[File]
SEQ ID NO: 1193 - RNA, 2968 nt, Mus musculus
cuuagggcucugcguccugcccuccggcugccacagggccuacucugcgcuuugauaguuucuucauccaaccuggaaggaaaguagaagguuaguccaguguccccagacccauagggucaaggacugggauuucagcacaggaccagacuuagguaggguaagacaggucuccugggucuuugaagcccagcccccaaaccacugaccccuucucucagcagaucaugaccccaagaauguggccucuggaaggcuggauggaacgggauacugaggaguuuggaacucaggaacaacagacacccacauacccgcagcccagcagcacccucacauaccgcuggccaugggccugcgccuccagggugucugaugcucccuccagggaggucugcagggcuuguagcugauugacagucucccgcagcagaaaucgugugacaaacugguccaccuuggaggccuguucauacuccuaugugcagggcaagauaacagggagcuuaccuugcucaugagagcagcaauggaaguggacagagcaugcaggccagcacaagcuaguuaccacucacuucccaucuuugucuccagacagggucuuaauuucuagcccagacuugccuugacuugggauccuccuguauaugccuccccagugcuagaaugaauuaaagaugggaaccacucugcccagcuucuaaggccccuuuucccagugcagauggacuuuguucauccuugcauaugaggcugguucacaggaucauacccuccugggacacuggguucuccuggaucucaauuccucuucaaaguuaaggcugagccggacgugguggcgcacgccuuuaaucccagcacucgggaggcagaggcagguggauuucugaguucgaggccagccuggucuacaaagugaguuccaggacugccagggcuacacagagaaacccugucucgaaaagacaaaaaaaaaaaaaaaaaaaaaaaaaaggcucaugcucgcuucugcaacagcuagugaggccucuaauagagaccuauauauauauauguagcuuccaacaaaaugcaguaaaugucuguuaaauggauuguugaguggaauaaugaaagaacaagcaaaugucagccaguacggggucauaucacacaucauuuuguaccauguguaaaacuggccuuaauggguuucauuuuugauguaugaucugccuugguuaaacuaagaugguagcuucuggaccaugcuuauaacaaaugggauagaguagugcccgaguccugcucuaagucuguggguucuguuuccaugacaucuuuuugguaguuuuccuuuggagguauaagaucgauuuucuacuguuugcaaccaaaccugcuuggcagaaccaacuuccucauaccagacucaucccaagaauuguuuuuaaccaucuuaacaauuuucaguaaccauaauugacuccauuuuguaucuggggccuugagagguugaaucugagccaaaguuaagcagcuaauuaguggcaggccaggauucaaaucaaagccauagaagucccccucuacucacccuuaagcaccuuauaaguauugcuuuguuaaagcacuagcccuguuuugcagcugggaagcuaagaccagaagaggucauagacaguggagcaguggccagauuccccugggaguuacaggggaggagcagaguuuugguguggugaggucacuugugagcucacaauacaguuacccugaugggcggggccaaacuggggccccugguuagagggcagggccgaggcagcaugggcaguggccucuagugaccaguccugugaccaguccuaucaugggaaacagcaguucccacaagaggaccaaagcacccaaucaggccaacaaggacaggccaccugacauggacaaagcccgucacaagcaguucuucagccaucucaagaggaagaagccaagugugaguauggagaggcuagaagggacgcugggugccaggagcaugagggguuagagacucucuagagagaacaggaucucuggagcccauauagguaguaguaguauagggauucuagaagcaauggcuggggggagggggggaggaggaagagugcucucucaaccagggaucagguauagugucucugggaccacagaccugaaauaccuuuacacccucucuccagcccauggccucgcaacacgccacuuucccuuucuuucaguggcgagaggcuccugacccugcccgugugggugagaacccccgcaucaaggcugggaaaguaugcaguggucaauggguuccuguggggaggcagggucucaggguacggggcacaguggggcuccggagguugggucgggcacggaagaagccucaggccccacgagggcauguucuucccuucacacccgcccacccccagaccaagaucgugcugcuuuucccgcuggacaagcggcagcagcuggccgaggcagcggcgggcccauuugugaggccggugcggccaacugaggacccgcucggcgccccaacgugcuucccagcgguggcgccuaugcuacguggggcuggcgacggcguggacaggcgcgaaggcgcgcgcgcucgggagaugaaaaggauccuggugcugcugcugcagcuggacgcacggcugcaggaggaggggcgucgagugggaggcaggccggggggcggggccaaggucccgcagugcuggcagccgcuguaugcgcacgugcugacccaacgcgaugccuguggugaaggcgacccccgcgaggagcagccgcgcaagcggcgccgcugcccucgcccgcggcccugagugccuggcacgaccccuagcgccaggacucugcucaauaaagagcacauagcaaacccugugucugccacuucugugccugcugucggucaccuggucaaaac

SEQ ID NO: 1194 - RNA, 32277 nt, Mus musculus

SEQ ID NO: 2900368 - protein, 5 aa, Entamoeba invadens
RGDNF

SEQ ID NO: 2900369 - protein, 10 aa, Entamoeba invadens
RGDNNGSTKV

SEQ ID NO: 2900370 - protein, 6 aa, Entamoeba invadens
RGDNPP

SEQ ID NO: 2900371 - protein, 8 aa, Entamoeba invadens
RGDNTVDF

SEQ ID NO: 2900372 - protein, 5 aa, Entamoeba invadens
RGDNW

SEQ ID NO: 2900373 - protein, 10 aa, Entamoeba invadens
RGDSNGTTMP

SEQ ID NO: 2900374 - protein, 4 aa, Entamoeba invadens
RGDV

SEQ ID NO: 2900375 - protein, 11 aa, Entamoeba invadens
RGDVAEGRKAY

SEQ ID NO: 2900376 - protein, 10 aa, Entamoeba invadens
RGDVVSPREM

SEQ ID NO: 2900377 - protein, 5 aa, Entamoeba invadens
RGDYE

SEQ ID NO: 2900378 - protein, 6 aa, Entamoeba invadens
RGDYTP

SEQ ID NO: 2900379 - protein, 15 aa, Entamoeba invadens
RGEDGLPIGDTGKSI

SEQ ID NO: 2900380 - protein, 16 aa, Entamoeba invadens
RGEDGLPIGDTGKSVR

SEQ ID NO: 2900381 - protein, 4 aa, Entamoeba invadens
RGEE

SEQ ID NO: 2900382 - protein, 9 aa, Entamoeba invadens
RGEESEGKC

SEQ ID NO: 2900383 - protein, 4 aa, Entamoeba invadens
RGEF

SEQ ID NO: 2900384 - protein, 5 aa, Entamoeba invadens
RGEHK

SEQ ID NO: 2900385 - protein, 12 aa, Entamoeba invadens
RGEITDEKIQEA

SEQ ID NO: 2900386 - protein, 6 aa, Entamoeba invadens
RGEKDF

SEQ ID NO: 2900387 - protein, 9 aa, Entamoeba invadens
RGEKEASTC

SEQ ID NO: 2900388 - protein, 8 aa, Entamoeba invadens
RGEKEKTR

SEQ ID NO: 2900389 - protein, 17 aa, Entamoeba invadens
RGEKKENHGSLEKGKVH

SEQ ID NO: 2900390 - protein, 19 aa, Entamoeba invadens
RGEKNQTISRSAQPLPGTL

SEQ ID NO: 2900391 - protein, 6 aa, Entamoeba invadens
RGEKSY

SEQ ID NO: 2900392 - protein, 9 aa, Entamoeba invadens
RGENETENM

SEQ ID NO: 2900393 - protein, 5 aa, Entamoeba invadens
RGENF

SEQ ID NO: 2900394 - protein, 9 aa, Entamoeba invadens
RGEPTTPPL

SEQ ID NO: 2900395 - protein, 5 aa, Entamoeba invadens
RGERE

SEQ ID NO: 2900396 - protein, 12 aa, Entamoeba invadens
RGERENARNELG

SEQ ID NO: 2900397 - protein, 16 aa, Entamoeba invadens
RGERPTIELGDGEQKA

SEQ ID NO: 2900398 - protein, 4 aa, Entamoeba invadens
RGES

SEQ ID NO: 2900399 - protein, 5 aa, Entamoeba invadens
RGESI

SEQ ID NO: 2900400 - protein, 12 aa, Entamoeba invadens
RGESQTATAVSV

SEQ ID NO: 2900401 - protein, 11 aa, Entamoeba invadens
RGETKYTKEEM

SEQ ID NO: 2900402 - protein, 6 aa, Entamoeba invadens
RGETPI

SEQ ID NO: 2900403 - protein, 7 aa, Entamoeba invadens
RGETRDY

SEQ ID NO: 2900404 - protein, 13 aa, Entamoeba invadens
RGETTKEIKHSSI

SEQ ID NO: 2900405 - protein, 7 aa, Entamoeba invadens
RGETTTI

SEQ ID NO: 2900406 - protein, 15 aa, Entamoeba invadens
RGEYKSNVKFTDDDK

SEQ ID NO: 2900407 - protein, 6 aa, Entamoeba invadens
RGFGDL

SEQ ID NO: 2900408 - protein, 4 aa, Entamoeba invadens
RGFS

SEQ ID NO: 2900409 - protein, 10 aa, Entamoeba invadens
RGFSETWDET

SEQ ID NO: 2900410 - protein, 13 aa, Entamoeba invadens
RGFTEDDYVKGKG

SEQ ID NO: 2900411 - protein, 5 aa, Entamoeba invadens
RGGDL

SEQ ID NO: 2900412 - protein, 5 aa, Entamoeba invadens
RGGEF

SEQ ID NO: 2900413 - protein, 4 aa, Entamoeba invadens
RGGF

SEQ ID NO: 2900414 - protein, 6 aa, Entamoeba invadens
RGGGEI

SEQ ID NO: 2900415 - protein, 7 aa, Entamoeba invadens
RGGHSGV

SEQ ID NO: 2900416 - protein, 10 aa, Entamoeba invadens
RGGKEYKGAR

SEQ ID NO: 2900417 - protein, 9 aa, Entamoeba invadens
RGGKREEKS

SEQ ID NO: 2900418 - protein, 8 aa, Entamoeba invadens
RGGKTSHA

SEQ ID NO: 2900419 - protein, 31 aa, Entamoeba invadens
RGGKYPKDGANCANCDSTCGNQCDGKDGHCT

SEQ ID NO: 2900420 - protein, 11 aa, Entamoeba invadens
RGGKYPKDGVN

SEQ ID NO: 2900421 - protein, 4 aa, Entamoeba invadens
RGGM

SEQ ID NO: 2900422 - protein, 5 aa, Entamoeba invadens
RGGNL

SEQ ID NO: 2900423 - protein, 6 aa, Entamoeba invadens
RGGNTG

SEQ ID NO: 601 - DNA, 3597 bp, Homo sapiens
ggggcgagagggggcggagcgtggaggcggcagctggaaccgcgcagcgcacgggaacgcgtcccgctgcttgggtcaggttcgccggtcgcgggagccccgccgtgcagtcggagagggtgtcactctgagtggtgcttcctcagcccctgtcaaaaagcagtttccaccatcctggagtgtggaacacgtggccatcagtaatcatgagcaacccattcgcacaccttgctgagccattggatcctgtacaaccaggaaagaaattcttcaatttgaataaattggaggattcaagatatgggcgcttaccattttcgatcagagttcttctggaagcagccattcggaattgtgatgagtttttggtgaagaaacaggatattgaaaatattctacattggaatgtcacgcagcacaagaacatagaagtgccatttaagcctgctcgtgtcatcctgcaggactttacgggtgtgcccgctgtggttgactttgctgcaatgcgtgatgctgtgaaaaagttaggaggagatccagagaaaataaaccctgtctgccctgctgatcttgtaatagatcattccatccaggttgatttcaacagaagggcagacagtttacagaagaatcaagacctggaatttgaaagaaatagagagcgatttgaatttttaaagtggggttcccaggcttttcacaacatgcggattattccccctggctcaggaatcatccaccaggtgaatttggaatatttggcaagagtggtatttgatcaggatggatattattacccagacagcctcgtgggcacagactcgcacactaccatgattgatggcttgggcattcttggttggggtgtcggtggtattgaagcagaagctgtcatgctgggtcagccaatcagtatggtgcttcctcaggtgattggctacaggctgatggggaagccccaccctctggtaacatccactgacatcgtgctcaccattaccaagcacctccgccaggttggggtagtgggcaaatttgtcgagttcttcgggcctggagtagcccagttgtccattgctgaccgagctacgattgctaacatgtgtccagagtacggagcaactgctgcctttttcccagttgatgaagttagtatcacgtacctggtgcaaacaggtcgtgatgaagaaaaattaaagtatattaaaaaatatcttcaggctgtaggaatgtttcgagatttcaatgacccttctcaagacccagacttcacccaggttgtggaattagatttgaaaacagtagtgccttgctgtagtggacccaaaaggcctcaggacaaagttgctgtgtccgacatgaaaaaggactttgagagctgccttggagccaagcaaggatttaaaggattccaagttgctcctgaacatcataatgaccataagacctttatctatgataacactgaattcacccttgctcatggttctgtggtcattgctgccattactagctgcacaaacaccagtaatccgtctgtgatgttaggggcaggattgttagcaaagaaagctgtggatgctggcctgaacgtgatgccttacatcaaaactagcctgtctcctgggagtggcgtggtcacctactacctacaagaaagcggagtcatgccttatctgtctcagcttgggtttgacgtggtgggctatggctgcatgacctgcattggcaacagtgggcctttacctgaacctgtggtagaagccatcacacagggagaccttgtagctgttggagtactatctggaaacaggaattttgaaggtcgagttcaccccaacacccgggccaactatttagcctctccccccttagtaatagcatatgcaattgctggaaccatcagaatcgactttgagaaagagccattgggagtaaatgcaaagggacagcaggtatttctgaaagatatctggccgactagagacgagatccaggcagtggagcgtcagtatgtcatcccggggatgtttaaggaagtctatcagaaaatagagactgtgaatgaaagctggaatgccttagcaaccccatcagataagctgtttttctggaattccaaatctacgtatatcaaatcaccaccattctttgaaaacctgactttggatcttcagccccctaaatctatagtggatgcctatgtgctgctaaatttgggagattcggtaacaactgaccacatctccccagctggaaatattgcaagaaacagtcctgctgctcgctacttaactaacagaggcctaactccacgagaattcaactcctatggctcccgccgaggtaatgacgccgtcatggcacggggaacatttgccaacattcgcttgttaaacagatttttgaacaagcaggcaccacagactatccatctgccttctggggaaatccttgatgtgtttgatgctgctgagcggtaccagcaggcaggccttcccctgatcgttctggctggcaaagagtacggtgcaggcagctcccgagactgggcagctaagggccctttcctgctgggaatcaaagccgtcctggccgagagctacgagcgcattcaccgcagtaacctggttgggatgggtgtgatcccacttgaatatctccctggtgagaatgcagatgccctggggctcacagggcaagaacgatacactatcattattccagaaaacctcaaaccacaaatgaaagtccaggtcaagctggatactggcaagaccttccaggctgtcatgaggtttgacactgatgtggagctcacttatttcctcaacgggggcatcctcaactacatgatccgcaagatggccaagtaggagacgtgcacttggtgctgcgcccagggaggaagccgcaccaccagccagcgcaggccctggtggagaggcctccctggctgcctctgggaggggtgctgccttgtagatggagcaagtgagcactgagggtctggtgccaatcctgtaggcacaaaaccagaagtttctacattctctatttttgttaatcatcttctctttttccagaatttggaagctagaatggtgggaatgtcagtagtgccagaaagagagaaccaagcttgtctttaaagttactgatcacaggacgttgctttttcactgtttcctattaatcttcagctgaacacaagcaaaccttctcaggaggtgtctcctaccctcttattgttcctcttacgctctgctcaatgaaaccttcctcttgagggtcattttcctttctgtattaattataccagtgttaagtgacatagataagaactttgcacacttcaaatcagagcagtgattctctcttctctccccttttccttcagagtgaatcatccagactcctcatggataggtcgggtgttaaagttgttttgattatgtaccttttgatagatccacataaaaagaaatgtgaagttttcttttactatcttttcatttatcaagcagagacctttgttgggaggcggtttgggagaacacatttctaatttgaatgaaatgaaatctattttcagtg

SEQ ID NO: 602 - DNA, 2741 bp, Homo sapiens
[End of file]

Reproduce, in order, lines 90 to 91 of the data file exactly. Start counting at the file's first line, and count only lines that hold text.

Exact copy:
SEQ ID NO: 2900411 - protein, 5 aa, Entamoeba invadens
RGGDL